(Reuters) – Dubai International Capital (DIC) said its board was dissolved six months ago, allowing its parent conglomerate Dubai Holding to take control of its dwindling investment portfolio and manage its $2.6 billion debt pile.
A company statement on Sunday said the private equity firm’s board was dissolved in January, after a report in the UK’s Sunday Times paper mentioned Sameer al Ansari, former chief executive of DIC, as having left his non-executive role on the board.
“DIC is currently under the direct supervision of Dubai Holding,” the statement said, adding that the board was dissolved to implement a new governance structure.
However, the statement did not specify Ansari’s departure from his non-executive role. He is currently the chief executive of Dubai-based investment bank, Shuaa Capital SHUA.DU.
In May, DIC sought a three month debt repayment delay on certain maturities, underscoring the debt problems plaguing the emirate’s government-owned entities, collectively known as Dubai Inc. It has a $1.25 billion loan maturing this month.
The announcement further compounds looming problems at DIC’s parent Dubai Holding, which spans financial investments, hospitality and real estate and is owned by the emirate’s ruler Sheikh Mohammed bin Rashid Al Maktoum.
Concerns about the overall debt burden of Dubai’s state-linked companies mounted after Dubai announced a standstill on repaying $26 billion in debt as it restructured conglomerate Dubai World DBWLD.UL. It unveiled a $9.5 billion rescue plan for the firm in March.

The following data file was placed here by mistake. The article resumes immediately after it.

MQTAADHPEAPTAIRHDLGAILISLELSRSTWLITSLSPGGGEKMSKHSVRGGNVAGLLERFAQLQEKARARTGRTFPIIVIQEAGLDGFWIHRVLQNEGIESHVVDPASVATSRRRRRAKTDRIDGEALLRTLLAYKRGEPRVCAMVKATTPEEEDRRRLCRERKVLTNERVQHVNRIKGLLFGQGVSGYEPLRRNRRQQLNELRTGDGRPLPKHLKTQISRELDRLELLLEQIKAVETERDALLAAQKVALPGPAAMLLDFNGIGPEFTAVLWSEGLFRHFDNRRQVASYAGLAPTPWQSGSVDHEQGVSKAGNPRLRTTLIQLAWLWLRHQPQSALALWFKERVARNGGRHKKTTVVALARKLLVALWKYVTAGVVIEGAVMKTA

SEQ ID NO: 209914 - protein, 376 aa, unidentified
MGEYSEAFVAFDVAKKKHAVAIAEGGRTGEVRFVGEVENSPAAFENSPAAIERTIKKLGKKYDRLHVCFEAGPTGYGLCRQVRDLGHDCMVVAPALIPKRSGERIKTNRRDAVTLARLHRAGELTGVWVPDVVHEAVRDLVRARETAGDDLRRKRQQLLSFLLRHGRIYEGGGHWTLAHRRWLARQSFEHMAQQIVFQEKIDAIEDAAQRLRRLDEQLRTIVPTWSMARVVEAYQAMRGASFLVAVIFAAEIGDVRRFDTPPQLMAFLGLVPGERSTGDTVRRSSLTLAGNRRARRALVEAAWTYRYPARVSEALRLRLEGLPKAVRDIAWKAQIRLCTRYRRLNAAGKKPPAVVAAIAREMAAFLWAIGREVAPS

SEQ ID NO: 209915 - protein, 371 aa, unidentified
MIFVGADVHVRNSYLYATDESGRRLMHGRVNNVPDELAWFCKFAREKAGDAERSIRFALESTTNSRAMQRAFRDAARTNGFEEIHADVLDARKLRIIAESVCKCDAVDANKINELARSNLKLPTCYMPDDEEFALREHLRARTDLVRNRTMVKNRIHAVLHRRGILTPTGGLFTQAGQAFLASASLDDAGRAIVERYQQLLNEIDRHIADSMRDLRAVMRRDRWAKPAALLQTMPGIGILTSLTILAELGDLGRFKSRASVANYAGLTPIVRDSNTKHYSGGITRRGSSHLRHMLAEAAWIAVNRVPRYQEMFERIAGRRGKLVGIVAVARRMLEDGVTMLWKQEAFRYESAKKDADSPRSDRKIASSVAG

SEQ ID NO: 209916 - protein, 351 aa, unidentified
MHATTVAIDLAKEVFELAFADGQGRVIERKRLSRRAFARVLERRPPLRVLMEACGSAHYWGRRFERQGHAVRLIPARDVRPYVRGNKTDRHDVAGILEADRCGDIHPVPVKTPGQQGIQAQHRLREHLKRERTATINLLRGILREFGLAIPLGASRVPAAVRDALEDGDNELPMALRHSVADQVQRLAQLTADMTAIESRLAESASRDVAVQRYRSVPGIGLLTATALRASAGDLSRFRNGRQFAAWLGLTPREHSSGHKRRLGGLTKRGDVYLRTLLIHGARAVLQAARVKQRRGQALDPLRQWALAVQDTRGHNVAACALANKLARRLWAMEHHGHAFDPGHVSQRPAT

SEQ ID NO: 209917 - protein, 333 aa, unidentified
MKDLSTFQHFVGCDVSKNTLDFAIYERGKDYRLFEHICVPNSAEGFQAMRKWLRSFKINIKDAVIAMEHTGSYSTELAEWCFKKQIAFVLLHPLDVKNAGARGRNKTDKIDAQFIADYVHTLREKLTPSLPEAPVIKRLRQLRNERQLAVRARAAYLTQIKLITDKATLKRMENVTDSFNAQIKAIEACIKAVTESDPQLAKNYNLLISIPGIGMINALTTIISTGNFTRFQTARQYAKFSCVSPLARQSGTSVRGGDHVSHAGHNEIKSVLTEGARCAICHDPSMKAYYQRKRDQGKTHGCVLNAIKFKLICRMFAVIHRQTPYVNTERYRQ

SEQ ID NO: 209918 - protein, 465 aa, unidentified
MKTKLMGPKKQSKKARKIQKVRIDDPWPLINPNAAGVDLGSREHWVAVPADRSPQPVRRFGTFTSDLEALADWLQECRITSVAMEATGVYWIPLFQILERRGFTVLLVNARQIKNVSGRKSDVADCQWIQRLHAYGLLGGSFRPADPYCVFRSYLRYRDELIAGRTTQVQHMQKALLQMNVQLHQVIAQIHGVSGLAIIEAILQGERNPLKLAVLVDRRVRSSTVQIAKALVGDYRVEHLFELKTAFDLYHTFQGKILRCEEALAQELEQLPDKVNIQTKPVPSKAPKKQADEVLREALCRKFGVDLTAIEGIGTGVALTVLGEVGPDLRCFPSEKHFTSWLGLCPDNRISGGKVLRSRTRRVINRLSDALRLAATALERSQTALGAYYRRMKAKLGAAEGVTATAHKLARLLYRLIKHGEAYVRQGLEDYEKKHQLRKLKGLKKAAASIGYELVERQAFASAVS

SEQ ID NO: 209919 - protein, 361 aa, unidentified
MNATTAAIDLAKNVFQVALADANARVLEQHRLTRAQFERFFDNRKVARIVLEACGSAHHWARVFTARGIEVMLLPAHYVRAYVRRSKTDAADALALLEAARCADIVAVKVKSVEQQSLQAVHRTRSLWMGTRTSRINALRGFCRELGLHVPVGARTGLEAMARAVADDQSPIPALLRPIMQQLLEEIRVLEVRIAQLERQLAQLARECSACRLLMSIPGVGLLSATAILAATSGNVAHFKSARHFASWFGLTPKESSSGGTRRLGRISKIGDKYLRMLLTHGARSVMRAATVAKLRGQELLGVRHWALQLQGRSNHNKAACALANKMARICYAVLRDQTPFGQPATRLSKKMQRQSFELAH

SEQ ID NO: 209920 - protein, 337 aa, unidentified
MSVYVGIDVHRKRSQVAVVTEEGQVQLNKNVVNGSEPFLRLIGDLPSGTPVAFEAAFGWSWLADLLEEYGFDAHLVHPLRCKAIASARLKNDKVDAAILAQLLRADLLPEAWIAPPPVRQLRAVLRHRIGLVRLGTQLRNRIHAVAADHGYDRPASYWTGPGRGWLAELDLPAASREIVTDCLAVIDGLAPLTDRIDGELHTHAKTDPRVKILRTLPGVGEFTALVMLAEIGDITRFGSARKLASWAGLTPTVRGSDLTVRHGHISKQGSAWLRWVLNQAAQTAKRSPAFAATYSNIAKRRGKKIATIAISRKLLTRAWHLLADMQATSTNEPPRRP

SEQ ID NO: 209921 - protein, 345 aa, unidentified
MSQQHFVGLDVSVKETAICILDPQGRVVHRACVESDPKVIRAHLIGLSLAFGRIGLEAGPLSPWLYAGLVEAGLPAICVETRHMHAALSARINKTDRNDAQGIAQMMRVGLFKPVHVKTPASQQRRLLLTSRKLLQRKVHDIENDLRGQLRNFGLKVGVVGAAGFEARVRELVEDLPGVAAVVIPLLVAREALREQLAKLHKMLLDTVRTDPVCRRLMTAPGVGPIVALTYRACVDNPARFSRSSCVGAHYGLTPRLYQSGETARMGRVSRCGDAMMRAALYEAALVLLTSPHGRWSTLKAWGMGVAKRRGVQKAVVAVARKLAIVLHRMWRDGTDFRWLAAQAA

A source later told Reuters that DIC had sold off its last listed, liquid assets.
“To me, we are in the second stage of this down cycle. It’s not over yet. If things had stabilized we would have had a strategy as to where we are headed and more transparency,” said Saud Masud, head of research at UBS.
“They (DIC) have to make sure they are able to restructure their obligations first. How they manage the portfolio beyond restructuring is a concern too. The main question is of transferring them to another entity’s umbrella.”
Ansari founded DIC in 2004 and took on the role of executive chairman and chief executive, and spearheaded its international expansion. Under Ansari’s leadership, DIC spread globally by acquiring stakes in German aluminum firm Almatis and Merlin Entertainments Group in the UK.
However, the global financial and economic slowdown, hampered the firm’s investments and brought to light heavy investment losses in Dubai’s banking and property sectors.
The emirate’s growth model, based on excessive borrowing to fund ambitious development projects at home and prestigious investments internationally, has resulted in a need to restructure debts and potentially sell high-profile assets.
As a result of the growing debt troubles in the emirate, several high ranking officials have already left their posts, but more high profile exits are expected as part of a management shake-up at Dubai Inc companies.
David Jackson, former chief executive of Dubai World’s DBWLD.UL investment arm Istithmar World, which owns stakes in luxury retailer Barneys New York, was replaced in January. [nLDE60J0WK]
(Reporting by Dinesh Nair and Rachna Uppal; Editing by Louise Heavens)